Thursday, April 28

Carefully pouring oil on the process

Wolfgang Simson states in "Houses That Change the World" ...

I believe we have moved from a colonial era of mission into what I call 'national mission', where each nation is called to develop its own models of church. Often enough this will have to happen through people in every nation praying for themselves, shedding their own tears, incarnating the living Christ afresh within their own time and culture. If the West could then come and, in the spirit of 'crucified colonialism'--the opposite of imperialism and denominationalism--carefully pour some oil on this process, it would be wonderful.
How, exactly, is one to "carefully pour some oil on this process?"

There is little doubt countries like the USA and other developed nations have indeed been blessed by God. If we are truly One Body in Christ, shouldn't those parts of the Body who have more be willing to share with those who have less?

How might the West carefully pour some oil on missions processes so it results in blessing and genuine Kingdom expansion?

1) Giving to the needs of the saints. In Acts and the Epistles we see this kind of sacrificial, liberal giving for fellow brethren going through hard times. The USA, and particularly the Church, has always been at the top of the list to help during a crisis both at home and around the world. At various times over the years, I have sent out prayer "SOS's" with the intent of illiciting prayer support for some of our fellow believers going through difficult trials. Occasionally we will receive love offerings to help these saints going through difficult moments. While this is not our intent in sharing these needs, the Lord has touched their heart to not only pray but give. We gladly help to channel these gifts for them. Being one-time gifts they do not create dependency; rather they have been the cause of much thanksgiving to the Father.

2) Matching what can be raised locally for various and sundry evangelistic and outreach projects. It is a terrible thing leading to dependency to simply provide the financial assistance to nationals and pay for everything. They will certainly let you do it, but it takes the blessing away from them of having to give from their own resources. An example of this is something we are currently dealing with. There is a particular discipleship course of study that we would like to use with the new believers. The price per book is $6. Few can afford this amount and if we charge $6/book very few will receive the benefit of this wonderful material. $3 is something that most could pay out over several weeks. They would cherish "their" book that they had bought. But someone has to pick up the remaining $3. This to me, is where a "bit of oil" from the outside might quietly be used to subsidize the cost of making disciples.

3) Independent, self-supporting ministries. Just as in the USA there are many charities and ministries that seek donors, overseas ministries likewise are in desperate need of financial support. I personally do not see the difference between a USA-based ministry asking for contributions and an international ministry doing so. Why is it OK to give to Focus on the Family (a great worthy ministry) but not Teleamigo or Camino de Salida, Dorcas, Clemencia, or any one of dozens of other struggling national Gospel ministries making a tremendous impact on the lives of tens of thousands of people and doing so on a shoe-string budget?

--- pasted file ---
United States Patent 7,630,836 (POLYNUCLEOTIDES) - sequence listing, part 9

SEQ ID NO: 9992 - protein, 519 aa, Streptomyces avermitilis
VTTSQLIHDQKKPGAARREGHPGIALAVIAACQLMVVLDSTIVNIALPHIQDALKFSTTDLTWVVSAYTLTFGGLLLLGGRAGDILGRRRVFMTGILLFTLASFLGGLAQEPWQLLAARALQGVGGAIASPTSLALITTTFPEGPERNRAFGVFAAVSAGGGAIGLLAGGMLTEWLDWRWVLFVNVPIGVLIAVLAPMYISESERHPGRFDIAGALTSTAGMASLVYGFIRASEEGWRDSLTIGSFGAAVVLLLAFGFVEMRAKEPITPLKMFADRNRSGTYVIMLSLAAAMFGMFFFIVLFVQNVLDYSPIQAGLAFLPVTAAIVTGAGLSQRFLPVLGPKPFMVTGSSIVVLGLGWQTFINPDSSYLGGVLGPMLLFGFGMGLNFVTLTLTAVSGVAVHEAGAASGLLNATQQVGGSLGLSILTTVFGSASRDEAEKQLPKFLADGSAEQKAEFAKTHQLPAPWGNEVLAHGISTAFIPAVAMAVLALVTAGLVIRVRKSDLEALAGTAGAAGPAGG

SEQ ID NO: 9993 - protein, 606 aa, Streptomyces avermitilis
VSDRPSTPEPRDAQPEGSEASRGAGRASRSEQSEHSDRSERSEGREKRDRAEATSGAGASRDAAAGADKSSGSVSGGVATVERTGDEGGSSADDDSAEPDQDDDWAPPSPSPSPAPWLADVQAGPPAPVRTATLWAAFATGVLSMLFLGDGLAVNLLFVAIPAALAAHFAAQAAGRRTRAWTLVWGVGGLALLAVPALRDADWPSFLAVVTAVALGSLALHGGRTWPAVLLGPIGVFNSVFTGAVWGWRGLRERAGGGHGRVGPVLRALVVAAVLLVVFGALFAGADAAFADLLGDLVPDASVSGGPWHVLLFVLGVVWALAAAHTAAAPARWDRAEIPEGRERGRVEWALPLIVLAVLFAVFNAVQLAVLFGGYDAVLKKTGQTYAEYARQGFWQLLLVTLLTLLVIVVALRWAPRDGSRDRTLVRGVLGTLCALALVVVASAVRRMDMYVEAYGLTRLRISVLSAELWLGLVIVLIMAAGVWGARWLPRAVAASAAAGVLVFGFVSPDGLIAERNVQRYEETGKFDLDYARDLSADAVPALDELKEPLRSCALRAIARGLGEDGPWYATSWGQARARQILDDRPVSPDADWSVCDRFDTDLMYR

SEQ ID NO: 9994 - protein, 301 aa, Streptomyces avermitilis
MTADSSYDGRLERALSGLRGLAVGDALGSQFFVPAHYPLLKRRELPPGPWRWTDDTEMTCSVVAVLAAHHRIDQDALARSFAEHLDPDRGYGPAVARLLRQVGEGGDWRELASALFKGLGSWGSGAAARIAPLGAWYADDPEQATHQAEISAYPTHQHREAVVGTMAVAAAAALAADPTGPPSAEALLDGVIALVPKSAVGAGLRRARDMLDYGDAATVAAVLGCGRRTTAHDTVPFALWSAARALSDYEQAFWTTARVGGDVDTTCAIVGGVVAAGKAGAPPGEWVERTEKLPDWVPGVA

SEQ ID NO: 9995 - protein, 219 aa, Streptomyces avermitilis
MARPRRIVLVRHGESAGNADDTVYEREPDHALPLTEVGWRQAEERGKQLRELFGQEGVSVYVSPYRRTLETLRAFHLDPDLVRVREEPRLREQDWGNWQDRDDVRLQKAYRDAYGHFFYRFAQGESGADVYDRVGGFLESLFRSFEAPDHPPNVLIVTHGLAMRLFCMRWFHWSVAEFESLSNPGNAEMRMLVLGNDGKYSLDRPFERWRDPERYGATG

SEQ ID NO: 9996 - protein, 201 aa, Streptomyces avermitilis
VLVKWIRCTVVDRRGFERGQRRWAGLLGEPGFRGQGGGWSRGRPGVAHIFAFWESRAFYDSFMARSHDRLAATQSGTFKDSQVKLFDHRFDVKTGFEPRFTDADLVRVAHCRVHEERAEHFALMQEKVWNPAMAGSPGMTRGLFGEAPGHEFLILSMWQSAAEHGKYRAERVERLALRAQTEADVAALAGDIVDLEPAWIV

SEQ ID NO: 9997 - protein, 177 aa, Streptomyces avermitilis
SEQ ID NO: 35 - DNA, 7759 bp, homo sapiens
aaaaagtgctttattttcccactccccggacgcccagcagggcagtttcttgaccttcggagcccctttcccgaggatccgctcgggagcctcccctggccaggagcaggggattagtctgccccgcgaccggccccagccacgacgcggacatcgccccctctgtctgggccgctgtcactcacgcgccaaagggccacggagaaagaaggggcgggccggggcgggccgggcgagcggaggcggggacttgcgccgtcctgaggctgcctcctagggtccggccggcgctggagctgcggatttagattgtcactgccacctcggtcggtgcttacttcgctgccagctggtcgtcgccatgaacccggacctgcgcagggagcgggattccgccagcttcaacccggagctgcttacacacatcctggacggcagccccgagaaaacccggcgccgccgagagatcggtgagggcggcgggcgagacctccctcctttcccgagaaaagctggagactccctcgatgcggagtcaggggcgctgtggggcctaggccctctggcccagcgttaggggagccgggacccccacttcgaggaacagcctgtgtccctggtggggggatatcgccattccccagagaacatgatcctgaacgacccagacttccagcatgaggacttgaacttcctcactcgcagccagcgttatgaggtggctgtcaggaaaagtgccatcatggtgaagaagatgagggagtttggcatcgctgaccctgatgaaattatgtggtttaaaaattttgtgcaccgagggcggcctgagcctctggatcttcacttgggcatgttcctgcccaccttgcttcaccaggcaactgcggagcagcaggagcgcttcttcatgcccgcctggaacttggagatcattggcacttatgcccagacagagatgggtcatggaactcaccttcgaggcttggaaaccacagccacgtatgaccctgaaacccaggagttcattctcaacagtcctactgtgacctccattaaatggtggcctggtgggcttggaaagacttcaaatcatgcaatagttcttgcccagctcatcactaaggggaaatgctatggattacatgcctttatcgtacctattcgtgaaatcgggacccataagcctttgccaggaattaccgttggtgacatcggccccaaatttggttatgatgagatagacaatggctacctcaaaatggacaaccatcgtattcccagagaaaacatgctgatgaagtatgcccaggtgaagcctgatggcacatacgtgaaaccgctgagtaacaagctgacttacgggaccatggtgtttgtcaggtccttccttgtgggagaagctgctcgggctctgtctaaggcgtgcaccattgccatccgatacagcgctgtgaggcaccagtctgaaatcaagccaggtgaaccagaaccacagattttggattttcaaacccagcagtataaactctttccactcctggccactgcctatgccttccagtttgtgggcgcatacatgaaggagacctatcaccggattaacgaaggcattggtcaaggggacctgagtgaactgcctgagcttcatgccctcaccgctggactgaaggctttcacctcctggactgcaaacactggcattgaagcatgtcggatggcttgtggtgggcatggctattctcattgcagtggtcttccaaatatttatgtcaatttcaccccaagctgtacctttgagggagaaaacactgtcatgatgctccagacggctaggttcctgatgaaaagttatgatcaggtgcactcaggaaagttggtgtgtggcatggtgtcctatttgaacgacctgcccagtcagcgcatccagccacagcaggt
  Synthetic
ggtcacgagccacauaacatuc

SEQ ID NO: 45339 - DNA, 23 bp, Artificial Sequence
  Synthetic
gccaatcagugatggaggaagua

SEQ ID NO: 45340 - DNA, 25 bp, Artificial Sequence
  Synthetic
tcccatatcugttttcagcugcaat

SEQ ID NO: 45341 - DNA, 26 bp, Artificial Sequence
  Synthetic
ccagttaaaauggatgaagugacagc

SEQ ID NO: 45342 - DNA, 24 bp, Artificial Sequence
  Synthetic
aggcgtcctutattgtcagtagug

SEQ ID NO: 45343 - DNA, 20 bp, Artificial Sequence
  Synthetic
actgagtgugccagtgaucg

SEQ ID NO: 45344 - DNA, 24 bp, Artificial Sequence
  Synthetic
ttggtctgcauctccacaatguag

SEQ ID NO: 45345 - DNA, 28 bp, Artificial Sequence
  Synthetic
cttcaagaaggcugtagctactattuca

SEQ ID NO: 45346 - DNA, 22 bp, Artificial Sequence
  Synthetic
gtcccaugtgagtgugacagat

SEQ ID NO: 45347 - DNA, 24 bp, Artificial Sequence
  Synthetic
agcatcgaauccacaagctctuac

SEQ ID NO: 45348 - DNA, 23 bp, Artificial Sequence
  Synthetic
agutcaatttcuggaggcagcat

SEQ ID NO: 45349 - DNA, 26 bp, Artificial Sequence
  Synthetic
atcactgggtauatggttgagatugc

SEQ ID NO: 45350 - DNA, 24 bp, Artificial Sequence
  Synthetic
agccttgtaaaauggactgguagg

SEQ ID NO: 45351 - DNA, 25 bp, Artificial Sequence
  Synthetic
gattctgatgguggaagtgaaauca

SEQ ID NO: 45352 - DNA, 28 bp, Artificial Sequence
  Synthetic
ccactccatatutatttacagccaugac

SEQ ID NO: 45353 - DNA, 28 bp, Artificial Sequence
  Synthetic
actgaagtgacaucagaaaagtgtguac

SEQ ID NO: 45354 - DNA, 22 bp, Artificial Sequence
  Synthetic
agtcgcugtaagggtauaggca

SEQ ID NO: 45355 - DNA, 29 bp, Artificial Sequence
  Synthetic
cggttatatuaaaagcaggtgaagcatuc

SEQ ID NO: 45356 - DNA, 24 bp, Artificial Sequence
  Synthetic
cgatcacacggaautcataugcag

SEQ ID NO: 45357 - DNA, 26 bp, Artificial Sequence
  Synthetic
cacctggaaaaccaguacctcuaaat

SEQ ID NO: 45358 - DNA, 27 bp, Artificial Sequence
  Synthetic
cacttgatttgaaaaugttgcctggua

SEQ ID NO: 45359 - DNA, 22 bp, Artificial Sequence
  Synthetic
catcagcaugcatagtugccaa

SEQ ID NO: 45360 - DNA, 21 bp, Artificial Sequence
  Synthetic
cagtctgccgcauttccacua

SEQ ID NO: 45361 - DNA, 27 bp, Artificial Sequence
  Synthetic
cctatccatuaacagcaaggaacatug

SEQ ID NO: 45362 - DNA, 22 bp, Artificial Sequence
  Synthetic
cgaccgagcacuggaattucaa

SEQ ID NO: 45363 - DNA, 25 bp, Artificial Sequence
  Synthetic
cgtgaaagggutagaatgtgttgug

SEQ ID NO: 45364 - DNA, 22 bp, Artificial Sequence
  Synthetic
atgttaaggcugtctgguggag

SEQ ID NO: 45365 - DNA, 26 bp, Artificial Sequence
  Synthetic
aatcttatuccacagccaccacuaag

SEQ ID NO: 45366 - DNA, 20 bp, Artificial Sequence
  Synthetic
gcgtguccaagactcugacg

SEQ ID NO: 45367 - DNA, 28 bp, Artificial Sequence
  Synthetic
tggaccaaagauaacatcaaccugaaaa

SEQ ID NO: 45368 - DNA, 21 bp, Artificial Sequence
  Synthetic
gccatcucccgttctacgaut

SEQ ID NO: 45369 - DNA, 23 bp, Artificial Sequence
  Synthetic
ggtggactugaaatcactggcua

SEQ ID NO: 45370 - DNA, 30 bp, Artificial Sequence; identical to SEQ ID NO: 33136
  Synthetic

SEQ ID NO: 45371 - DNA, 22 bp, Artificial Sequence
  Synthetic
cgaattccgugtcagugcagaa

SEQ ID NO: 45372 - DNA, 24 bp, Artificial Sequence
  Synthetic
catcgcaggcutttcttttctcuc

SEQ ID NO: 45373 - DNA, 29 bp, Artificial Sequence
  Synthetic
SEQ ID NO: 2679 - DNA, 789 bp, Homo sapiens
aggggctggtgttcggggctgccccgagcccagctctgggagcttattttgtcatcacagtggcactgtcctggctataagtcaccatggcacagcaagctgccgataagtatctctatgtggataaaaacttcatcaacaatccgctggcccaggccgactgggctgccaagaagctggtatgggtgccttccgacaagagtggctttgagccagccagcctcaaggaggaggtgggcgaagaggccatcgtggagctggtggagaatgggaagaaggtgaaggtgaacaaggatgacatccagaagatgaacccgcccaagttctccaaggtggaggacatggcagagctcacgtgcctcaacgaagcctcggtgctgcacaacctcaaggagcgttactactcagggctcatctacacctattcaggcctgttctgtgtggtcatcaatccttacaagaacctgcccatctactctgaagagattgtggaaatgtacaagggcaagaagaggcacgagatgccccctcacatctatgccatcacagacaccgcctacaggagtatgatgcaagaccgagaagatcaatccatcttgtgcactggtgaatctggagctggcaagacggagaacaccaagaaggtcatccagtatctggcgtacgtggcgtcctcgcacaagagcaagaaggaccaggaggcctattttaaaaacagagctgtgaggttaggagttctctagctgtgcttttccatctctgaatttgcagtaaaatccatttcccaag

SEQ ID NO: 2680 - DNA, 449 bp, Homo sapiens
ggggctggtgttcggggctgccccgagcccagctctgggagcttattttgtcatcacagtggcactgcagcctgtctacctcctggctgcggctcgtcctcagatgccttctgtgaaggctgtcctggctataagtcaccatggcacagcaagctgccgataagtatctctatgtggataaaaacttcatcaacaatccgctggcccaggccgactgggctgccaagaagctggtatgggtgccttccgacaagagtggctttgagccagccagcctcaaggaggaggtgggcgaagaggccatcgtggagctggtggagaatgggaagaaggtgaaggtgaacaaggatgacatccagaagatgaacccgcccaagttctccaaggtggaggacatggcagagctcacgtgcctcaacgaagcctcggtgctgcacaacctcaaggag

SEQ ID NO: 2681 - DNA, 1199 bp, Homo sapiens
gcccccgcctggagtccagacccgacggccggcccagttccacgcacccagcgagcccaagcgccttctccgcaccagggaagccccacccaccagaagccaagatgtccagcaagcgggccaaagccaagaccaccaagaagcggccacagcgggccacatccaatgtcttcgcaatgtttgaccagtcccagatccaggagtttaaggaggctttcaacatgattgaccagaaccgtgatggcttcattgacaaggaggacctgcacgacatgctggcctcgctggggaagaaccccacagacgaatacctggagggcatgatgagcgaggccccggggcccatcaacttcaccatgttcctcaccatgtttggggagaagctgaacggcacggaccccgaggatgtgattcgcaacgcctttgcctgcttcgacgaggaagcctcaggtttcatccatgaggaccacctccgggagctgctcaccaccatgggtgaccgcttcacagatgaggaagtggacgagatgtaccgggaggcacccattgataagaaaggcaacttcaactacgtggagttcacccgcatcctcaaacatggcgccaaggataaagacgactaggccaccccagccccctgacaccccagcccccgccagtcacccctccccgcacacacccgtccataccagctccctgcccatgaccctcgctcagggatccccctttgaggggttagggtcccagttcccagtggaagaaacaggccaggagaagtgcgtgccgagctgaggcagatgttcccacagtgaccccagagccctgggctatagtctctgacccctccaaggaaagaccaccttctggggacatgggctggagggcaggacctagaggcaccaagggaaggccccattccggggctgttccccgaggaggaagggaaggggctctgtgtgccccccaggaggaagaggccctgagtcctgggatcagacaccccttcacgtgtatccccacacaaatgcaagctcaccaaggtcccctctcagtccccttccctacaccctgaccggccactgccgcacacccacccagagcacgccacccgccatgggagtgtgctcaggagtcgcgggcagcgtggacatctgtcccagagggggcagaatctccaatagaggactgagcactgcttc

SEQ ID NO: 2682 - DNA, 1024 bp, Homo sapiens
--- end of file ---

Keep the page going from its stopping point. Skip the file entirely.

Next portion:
Any other ideas as to how oil might be poured upon international missions in such a way that it doesn't cause harm, but results in Kingdom growth and blessing to thousands?


Arthur Sido said...

The extravagance of Western church life contrasted with the poverty of our brothers and sisters around the world is shameful and frankly sinful.

GuyMuse said...


Yes, there is a huge difference, but how can we help without harming? One of the great tragedies of missions is the way money has ended up causing more harm than good.

Tim Patterson said...


I think we "missions experts" often miss out on participating in what God is doing through indigenous churches because it goes against our "missiological principles." Our brothers and sisters in Christ around the world have the same rights of apostleship as we do here in the U.S. If God leads them to raise funds from outside to spark and nurture a movement on the inside... more power to 'em.

We have one such partner in India. Many see what he is doing as missiologically unsound because of the outside resources he has mobilized to his field. Meanwhile he is leading indigenous leaders in a great harvest that is multiplying disciples, leaders, churches and seeing whole communities transformed. The human need is so dire there that I don't see how our withholding resources from them is going to damage the expansion of God's kingdom. I see quite the opposite. When we are unwilling to "pour oil on the process" we are being disobedient with the resources that God has blessed us with. There will always be a tension between help that hurts and help that heals. Let's not let that paralyze us into doing next to nothing.

See my latest blog post... Transformation India Movement Update

GuyMuse said...


Excellent point illustrating the kind of dialog I think we need to be at least exploring. We talk about expansion, and finishing the task, yet while stepping on the accelerator to move forward, our other foot is pressing the brake of keeping the resources under our own control.

I tried clicking on to your link above, but it shows "page not found"--maybe it is just something on my end, or check to see if the link URL is correct. Thanks. I would really like to read what you have written.

Tim Patterson said...


Sorry about the bad link... I don't know what I doing half the time but the post is here:

GuyMuse said...


An amazing report. Thanks for sharing. Hopefully others can catch the vision and begin doing similar types of things.